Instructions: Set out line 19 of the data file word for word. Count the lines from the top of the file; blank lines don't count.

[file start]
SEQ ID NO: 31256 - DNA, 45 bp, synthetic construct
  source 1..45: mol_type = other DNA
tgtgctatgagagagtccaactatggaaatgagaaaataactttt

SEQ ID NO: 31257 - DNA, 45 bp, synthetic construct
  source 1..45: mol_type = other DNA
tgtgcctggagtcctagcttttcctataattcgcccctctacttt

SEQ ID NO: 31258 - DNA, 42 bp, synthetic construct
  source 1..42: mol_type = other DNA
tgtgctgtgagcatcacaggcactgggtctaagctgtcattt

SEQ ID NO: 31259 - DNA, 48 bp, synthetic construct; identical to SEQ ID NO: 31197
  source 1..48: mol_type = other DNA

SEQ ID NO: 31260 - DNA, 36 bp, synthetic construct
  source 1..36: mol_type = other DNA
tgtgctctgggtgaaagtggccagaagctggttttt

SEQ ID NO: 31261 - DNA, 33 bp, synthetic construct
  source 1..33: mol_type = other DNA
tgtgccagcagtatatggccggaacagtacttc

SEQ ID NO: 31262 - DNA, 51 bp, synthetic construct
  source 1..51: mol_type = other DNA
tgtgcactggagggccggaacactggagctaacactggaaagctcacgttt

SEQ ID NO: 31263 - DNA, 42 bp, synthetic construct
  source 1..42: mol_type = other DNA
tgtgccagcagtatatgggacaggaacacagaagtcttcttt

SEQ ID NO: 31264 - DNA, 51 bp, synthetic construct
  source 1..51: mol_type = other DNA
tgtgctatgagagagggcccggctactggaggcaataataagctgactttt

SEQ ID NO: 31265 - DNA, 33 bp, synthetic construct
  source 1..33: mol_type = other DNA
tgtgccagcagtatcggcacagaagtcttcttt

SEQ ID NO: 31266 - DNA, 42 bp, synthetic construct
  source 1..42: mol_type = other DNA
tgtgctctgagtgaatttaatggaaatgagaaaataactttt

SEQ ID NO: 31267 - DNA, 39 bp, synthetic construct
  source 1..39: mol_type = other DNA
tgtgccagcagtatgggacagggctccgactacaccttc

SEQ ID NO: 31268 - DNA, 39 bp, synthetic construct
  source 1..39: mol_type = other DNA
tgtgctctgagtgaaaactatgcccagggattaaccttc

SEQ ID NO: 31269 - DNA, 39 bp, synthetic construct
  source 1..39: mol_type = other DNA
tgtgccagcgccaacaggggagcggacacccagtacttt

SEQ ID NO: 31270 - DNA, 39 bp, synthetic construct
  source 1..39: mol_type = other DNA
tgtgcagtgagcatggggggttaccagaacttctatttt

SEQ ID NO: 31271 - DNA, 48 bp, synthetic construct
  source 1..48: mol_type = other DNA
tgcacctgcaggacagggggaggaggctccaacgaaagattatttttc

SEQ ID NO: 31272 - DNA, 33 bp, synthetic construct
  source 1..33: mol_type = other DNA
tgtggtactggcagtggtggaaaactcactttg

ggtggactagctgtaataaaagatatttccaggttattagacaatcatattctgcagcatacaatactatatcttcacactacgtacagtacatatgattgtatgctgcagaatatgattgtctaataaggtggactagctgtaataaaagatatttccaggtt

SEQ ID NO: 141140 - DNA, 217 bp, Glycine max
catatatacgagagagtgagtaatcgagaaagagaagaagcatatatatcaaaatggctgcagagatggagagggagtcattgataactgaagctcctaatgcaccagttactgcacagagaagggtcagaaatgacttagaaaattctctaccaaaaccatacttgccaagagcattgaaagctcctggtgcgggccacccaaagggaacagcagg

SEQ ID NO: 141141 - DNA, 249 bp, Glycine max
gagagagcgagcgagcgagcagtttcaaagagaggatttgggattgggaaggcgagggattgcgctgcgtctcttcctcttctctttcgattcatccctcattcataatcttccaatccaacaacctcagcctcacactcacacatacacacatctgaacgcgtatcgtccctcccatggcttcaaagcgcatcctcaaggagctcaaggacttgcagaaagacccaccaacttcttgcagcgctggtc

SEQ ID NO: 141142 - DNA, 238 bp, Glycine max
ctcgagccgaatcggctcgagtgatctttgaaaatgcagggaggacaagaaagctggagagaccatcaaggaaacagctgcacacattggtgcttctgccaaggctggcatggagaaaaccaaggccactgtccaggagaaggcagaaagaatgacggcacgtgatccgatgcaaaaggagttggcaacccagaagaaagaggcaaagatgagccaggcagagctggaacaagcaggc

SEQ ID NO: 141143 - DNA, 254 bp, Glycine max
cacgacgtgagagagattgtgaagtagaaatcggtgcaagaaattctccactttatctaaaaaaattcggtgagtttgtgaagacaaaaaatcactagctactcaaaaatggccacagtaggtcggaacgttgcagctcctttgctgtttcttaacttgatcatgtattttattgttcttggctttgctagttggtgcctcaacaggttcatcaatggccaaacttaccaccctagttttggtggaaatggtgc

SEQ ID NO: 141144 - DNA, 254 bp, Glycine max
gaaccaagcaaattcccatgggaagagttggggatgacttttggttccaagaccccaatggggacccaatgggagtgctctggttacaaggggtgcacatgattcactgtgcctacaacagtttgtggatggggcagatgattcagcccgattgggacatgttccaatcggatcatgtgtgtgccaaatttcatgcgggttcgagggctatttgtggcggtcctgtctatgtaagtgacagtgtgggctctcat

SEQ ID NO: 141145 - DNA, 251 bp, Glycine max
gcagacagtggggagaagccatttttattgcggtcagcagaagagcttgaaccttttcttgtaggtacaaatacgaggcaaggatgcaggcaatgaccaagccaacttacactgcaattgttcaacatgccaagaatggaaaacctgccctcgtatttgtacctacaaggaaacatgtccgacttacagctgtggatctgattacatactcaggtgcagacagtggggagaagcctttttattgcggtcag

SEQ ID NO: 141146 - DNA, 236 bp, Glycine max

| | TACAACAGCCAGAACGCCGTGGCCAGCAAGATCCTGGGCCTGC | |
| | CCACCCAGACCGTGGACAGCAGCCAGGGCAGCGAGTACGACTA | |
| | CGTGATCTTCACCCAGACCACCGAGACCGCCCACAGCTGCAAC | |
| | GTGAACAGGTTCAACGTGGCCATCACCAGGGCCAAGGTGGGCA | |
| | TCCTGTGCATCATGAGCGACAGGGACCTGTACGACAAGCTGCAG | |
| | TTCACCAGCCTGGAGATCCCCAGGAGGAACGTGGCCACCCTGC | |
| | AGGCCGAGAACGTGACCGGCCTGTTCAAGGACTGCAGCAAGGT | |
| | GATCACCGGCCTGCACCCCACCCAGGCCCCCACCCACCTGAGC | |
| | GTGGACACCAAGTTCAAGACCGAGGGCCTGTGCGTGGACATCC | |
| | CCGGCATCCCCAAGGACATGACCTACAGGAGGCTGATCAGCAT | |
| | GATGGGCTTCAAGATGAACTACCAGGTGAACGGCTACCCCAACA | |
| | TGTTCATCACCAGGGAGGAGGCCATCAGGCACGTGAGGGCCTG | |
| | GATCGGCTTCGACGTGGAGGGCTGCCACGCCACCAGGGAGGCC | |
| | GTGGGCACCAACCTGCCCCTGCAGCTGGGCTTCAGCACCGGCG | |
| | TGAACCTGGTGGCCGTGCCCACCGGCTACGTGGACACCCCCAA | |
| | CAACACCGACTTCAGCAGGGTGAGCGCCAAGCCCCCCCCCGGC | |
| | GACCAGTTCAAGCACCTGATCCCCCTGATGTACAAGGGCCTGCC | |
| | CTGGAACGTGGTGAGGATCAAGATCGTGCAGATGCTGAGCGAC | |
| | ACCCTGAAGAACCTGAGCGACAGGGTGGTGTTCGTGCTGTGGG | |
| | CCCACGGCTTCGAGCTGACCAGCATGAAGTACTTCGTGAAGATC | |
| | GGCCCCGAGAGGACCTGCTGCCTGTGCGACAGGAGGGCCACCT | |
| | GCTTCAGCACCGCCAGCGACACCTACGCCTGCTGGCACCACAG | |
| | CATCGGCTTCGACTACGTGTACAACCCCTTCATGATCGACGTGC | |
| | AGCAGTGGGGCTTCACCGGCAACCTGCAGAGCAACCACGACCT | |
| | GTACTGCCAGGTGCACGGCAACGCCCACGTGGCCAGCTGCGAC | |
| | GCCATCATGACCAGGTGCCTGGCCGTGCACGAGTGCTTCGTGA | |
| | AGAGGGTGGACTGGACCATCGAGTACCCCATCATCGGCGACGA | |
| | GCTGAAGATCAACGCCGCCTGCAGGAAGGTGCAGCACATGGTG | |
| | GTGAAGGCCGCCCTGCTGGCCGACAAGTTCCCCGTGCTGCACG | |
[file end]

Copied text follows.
  source 1..51: mol_type = other DNA